271 Picasso paintings discovered in Paris
Published 29/11/2010 | 16:57
As a retired odd job man and electrician, Pierre Le Guennec is the unlikeliest of art collectors to be discovered with a haul of 271 unknown works by Picasso.
It is perhaps why the French police arrested the 71-year-old when they discovered the cache of sketches and paintings at his Riviera home.
Mr Le Guennec claims that he was given the collection by the artist when he carried out odd jobs for him at his Côte d’Azur home 40 years ago.
However, Picasso’s son, Claude, says that the works were stolen.
The pieces, dating from 1900 to 1932, include portraits of Picasso’s first wife, Olga, nine highly-prized cubist collages worth €40m, a watercolour from his “blue” period, studies of his hand on canvas, gouaches, around 30 lithographs and 200 drawings.
Mr Le Guennec sent 26 amateur photographs of some of the works in August to Claude Picasso, who runs his father’s estate, asking to have the works authenticated.
The heir at first thought the works were fakes, as there was no record of them in his files, but intrigued, he asked to meet the sender.
Mr Le Guennec and his wife then travelled from their home on the Côte d’Azur to the Picasso Administration headquarters in Paris. To Claude Picasso’s shock, they proceeded to unpack 175 totally unknown pieces from a suitcase, including two notebooks containing 97 drawings.
They left more photographs of studies for Picasso’s famous Trois Graces, a dog fight, a crucifixion, satyrs, landscapes and a hanged man from his blue period.
Art experts swiftly concluded that not even the greatest counterfeiter could have copied such a wealth of different styles, and there was no way they could have faked the classification numbers on some of them.
With the works authenticated, six Picasso heirs decided to file for charges against “persons unknown”. Police swooped on Mr Le Guennec’s flat in Mouans Sartoux, near Cannes, arresting him on suspicion of handling illegally obtained goods.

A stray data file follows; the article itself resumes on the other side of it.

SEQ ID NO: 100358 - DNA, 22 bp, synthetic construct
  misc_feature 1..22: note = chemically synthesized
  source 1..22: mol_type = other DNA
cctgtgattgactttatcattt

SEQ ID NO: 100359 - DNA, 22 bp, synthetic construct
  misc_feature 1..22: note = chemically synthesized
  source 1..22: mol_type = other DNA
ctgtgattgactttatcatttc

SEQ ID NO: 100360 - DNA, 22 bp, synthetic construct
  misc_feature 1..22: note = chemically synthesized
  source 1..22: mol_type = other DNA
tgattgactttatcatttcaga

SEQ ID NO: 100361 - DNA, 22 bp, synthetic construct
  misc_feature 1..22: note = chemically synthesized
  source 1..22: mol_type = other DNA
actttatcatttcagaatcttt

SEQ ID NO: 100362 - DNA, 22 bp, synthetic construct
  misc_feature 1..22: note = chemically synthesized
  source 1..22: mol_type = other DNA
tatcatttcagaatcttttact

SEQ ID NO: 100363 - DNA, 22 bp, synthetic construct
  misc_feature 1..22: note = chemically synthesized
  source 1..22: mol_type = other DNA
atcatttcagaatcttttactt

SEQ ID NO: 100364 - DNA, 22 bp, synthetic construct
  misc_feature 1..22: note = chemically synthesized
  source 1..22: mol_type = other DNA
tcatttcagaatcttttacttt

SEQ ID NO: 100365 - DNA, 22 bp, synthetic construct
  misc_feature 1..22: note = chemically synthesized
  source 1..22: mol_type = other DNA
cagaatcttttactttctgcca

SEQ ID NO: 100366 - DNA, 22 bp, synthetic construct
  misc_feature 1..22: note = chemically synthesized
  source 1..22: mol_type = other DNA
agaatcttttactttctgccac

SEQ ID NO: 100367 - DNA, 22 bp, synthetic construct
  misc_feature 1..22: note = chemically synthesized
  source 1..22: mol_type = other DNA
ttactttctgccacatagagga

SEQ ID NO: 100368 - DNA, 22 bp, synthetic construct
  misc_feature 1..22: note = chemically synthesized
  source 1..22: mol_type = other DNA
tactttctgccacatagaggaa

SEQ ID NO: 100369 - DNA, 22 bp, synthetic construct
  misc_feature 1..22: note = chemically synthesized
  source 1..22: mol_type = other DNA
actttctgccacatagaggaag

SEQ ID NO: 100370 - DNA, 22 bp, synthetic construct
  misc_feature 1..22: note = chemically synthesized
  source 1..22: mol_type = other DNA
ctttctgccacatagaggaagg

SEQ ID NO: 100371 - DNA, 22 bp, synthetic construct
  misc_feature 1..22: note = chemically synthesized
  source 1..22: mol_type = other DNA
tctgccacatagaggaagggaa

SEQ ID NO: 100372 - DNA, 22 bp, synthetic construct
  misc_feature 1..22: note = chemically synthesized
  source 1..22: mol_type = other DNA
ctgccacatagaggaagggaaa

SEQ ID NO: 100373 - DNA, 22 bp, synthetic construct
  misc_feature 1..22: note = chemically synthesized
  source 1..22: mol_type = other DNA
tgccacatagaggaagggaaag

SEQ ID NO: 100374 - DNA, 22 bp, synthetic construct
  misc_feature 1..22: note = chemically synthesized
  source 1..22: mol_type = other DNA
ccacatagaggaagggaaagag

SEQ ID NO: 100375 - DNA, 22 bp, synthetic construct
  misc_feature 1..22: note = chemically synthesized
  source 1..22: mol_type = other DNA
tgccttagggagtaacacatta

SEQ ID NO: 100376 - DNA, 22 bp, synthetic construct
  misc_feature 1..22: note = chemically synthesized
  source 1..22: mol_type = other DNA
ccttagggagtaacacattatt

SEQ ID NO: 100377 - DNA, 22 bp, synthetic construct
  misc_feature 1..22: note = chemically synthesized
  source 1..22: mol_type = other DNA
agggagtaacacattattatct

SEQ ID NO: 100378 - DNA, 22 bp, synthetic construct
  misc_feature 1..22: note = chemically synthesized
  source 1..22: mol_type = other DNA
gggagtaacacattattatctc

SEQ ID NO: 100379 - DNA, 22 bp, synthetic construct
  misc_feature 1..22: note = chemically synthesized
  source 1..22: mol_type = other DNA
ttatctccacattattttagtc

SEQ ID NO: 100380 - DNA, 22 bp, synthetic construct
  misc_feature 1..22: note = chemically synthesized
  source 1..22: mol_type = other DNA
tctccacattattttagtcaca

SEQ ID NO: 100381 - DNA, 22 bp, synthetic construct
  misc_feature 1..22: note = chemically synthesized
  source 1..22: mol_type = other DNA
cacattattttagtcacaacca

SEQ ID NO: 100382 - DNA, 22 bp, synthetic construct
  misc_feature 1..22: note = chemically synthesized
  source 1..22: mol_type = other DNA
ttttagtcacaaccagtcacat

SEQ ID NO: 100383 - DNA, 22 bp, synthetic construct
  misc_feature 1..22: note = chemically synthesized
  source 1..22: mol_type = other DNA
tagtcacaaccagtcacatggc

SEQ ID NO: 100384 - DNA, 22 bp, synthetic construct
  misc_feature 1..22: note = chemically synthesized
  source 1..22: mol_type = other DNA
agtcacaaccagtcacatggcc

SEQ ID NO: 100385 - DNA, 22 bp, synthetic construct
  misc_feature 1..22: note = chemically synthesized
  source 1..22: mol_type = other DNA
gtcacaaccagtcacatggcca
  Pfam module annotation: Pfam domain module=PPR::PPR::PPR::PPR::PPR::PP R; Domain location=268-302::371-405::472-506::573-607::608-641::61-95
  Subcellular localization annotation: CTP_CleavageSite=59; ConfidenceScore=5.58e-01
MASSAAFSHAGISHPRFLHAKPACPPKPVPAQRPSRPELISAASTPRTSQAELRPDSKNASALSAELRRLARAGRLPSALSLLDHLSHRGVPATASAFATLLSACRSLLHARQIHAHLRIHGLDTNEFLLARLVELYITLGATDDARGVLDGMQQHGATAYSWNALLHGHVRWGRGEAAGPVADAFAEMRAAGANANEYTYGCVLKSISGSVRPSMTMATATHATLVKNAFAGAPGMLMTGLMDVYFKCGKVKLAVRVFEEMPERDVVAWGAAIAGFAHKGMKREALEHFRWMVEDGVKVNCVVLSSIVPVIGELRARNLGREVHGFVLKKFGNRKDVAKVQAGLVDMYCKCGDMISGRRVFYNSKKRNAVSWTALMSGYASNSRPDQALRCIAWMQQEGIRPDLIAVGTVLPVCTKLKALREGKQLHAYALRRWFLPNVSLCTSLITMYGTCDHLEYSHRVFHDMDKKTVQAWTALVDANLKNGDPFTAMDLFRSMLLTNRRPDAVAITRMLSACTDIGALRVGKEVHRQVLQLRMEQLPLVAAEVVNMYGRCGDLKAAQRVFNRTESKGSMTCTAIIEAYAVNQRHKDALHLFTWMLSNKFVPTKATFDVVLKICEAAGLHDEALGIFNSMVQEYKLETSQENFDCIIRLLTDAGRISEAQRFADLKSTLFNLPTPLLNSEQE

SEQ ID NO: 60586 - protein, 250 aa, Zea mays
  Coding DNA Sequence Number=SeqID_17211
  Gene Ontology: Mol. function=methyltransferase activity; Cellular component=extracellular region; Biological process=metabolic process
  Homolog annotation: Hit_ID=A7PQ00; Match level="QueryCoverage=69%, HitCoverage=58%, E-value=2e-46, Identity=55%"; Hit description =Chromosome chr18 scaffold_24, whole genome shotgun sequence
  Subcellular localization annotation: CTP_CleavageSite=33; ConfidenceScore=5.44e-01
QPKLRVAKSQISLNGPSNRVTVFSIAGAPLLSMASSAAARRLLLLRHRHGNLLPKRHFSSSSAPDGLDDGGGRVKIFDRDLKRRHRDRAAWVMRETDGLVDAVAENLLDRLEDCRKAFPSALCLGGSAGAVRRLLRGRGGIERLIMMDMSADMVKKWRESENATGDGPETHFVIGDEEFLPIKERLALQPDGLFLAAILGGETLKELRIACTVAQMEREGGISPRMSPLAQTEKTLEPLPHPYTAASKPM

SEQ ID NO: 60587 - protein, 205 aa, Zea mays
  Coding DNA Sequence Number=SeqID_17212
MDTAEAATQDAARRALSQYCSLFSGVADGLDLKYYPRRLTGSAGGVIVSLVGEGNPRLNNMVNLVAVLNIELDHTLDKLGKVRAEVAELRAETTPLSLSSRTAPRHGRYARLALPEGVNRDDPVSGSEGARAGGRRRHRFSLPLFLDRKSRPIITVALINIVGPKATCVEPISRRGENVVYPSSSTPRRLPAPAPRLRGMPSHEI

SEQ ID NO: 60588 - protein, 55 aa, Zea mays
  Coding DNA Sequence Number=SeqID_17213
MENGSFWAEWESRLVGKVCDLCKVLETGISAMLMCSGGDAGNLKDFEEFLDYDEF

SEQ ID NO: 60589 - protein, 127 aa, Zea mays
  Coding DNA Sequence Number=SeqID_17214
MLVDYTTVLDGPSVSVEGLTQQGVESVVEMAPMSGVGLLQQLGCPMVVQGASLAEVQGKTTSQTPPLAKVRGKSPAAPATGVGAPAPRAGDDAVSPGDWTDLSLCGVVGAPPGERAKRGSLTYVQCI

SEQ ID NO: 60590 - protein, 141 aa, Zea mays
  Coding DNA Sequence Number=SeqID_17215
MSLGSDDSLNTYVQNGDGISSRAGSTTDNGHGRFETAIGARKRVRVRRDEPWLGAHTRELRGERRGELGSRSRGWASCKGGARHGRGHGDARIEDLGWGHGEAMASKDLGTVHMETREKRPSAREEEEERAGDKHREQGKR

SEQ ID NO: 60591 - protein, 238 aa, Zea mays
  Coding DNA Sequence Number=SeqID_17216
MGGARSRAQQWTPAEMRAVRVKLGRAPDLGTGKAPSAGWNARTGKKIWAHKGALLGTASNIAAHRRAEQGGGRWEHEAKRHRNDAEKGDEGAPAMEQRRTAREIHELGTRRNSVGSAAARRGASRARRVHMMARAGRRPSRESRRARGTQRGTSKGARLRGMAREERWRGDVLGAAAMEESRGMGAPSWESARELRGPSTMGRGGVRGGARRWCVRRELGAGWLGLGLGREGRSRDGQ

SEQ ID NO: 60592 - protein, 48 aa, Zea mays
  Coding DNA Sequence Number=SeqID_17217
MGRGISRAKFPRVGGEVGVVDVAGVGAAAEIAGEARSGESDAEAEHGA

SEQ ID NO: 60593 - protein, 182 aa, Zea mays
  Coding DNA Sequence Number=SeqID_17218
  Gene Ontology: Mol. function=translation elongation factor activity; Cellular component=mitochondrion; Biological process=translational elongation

Days later, they seized the entire collection, which is currently being held in a vault in Nanterre, outside Paris at France’s Central Office for the Fight against Traffic in Cultural Goods, part of the Interior Ministry.
During questioning, Mr Le Guennec insisted the entire haul came from gifts from “the master” but then apparently changed his story, saying they were a gift from Picasso’s second wife Jaqueline Roque, who committed suicide in 1986.
He said he was given the works after installing alarm systems at three of the artist’s Riviera homes in the three years until his death in 1973 — La Californie, the villa he bought in Cannes in 1955, his chateau de Vauvenargues and Notre-Dame-de-Vie, the farmhouse in Mougins where he died.
But Picasso’s heirs dismissed his claims, pointing out that the artist was reluctant to gave away any works, obsessively kept everything and forbade people to enter his studio.
“To give such a large quantity (away) frankly doesn’t stand up. It was part of his life,” Claude Picasso said. He said that many of the pieces were not even dated, which, he said signified they should never have left the studio.
“He always dated, signed and wrote dedications in his gifts, knowing that some people would go on to sell them to meet their needs.” Mr Le Guennec’s wife yesterday insisted the works had been given by Jacqueline Roque in good faith. “We are not thieves. We have nothing to be ashamed of,” she said.
“My clients are very surprised to be accused of theft,” said the Le Guennecs’ lawyer, who added the couple had contacted the Picasso Administration “to find out (the works’) value”.
“It was for their grandchildren, to keep them in the family; they’re not art experts,” she said.
A protracted legal battle is expected to ensue to determine the works’ rightful owners.
In the meantime, the pieces are a goldmine for Picasso experts. “Above all what counts is to retrieve a collection which is of historic importance for art history,” said a lawyer for the artist’s family.